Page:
The draft Maternity and Parental Leave etc and Paternity and Adoption Leave (Amendment) Regulations 2008 have been published which will remove the distinction between Ordinary Maternity Leave (OML) and Additional Maternity Leave (AML).


As employers will be aware Maternity Leave is split between OML in the first 26 weeks and AML in the remaining 26 weeks. There are corresponding periods for Adoption Leave. At present the terms and benefits provided to employees and the rights of employees returning from leave are different.

The Regulations, once in force, will remove these differences for women whose expected week of childbirth is on or after 5 October 2008. 

This will require employers to continue the same terms and conditions (with the exception of pay) throughout the entire period of maternity or adoption leave.

Employers should therefore review any maternity or adoption leave policies and make sure that managers are aware of the changes.


The Regulations result from the High Court decision in Equal Opportunities Commission –v- Secretary of State for Trade and Industry ( 2007) where the Court ruled that UK law did not fully comply with the requirements of European Law, by treating OML and AML differently.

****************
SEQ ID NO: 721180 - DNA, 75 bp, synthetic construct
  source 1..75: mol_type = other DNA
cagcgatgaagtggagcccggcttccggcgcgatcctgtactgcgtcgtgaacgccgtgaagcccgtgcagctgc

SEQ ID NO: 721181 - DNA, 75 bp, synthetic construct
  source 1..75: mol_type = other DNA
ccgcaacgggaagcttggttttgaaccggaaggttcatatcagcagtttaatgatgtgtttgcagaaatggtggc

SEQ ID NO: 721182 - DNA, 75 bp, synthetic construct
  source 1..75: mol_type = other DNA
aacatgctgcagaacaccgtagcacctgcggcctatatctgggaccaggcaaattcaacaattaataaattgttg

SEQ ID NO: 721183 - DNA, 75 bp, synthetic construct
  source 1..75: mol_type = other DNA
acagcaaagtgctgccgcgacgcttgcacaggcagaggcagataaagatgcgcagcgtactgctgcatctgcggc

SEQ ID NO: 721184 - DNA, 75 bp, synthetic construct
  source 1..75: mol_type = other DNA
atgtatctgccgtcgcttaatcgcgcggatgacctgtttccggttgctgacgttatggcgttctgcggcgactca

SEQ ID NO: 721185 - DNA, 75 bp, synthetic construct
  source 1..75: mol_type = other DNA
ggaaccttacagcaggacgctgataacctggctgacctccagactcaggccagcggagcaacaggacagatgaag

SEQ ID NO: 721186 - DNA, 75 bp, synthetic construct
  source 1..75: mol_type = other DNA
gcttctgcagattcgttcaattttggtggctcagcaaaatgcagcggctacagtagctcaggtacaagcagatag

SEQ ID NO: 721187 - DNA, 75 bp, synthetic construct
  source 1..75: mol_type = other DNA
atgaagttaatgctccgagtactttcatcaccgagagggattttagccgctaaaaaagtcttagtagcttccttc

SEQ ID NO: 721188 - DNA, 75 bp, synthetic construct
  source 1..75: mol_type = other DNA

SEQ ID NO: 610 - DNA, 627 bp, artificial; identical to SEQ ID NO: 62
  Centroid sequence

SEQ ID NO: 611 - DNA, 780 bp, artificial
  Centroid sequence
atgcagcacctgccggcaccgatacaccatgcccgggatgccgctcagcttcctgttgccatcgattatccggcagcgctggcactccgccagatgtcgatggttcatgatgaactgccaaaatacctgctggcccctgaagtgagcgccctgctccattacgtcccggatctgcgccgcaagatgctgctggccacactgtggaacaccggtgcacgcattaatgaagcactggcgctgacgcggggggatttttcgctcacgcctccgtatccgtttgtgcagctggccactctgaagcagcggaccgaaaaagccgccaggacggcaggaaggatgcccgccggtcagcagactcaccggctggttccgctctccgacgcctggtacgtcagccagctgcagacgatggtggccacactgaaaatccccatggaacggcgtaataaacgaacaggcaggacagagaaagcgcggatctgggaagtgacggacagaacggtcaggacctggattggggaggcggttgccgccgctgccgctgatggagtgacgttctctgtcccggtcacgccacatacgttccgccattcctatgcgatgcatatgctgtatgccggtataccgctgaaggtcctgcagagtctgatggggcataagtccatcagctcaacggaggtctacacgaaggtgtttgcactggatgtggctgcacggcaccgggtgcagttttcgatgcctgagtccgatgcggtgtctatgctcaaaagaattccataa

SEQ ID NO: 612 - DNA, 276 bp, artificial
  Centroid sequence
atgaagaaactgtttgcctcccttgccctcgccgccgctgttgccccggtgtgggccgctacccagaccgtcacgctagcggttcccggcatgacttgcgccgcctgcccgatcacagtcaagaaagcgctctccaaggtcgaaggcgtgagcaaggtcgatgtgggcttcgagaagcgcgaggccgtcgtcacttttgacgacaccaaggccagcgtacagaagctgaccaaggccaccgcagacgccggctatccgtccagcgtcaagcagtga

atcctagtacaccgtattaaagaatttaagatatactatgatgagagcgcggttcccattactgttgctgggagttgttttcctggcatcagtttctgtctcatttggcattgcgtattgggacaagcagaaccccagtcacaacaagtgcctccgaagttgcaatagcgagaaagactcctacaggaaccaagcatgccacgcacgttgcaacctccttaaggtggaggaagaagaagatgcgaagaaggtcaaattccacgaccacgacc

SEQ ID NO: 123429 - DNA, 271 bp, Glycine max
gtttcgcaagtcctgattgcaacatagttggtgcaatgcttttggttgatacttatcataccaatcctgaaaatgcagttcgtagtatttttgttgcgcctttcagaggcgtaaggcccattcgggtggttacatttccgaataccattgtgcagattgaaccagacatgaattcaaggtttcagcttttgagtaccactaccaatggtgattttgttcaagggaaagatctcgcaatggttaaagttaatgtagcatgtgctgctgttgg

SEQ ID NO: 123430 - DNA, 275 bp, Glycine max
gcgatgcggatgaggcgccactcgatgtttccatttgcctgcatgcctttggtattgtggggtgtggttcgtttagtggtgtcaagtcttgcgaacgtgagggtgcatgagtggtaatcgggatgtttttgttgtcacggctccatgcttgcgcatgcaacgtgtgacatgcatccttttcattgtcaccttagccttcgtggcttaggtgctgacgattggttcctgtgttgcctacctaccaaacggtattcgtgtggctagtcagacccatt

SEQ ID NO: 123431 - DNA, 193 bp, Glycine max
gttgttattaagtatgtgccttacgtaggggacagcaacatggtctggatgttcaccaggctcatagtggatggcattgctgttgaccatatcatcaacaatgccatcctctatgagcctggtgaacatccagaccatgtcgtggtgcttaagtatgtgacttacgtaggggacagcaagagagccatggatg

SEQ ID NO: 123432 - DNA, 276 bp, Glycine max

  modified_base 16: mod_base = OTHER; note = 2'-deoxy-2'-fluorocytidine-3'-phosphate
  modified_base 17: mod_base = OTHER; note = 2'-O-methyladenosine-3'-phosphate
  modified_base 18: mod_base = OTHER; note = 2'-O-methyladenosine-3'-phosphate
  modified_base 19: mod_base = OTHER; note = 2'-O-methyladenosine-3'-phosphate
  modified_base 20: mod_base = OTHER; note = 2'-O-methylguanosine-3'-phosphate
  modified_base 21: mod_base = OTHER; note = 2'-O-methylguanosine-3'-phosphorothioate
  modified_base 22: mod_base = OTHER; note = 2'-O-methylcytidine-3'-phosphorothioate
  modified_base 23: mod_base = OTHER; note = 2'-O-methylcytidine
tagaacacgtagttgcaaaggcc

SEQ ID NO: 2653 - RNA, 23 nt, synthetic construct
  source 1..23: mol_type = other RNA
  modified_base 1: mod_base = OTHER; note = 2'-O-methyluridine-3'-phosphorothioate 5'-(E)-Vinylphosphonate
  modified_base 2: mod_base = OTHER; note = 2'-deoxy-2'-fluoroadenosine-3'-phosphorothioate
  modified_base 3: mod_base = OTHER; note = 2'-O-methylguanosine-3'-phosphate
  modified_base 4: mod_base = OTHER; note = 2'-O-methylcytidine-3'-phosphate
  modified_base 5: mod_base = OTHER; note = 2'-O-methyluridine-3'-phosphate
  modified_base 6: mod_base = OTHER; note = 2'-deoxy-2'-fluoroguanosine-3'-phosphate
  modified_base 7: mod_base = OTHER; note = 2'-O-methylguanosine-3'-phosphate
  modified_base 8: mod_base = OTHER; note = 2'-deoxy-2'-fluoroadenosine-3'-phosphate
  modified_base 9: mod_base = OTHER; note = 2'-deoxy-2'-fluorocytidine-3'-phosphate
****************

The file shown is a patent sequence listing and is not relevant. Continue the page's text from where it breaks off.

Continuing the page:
We previously updated you on these issues in our Newsflash of 18 March 2008 and the Regulations are now looking to implement these changes in respect of both Maternity and Adoption leave for employees whose expected week of childbirth or expected date of placement for adoption is on or after 5 October 2008.

The main impact will be the obligation to continue employee benefits and these could include contractual annual leave entitlements (over and above the statutory minimum), company cars, gym membership and mobile telephone. However, in most cases such benefits are already being continued under existing contractual maternity rights.

The Sex Discrimination Act 1975 will also be amended from 5 October 2008 to allow employees on AML to bring claims of discrimination in relation to any of the terms and conditions of their employment (except those relating to pay) during AML as well as OML.

Employers will need to treat an employee returning from AML or Additional Adoption Leave, the same as one returning from OML or Ordinary Adoption Leave. This means that all returners will have the right to come back to the same job (unless that position has been made redundant).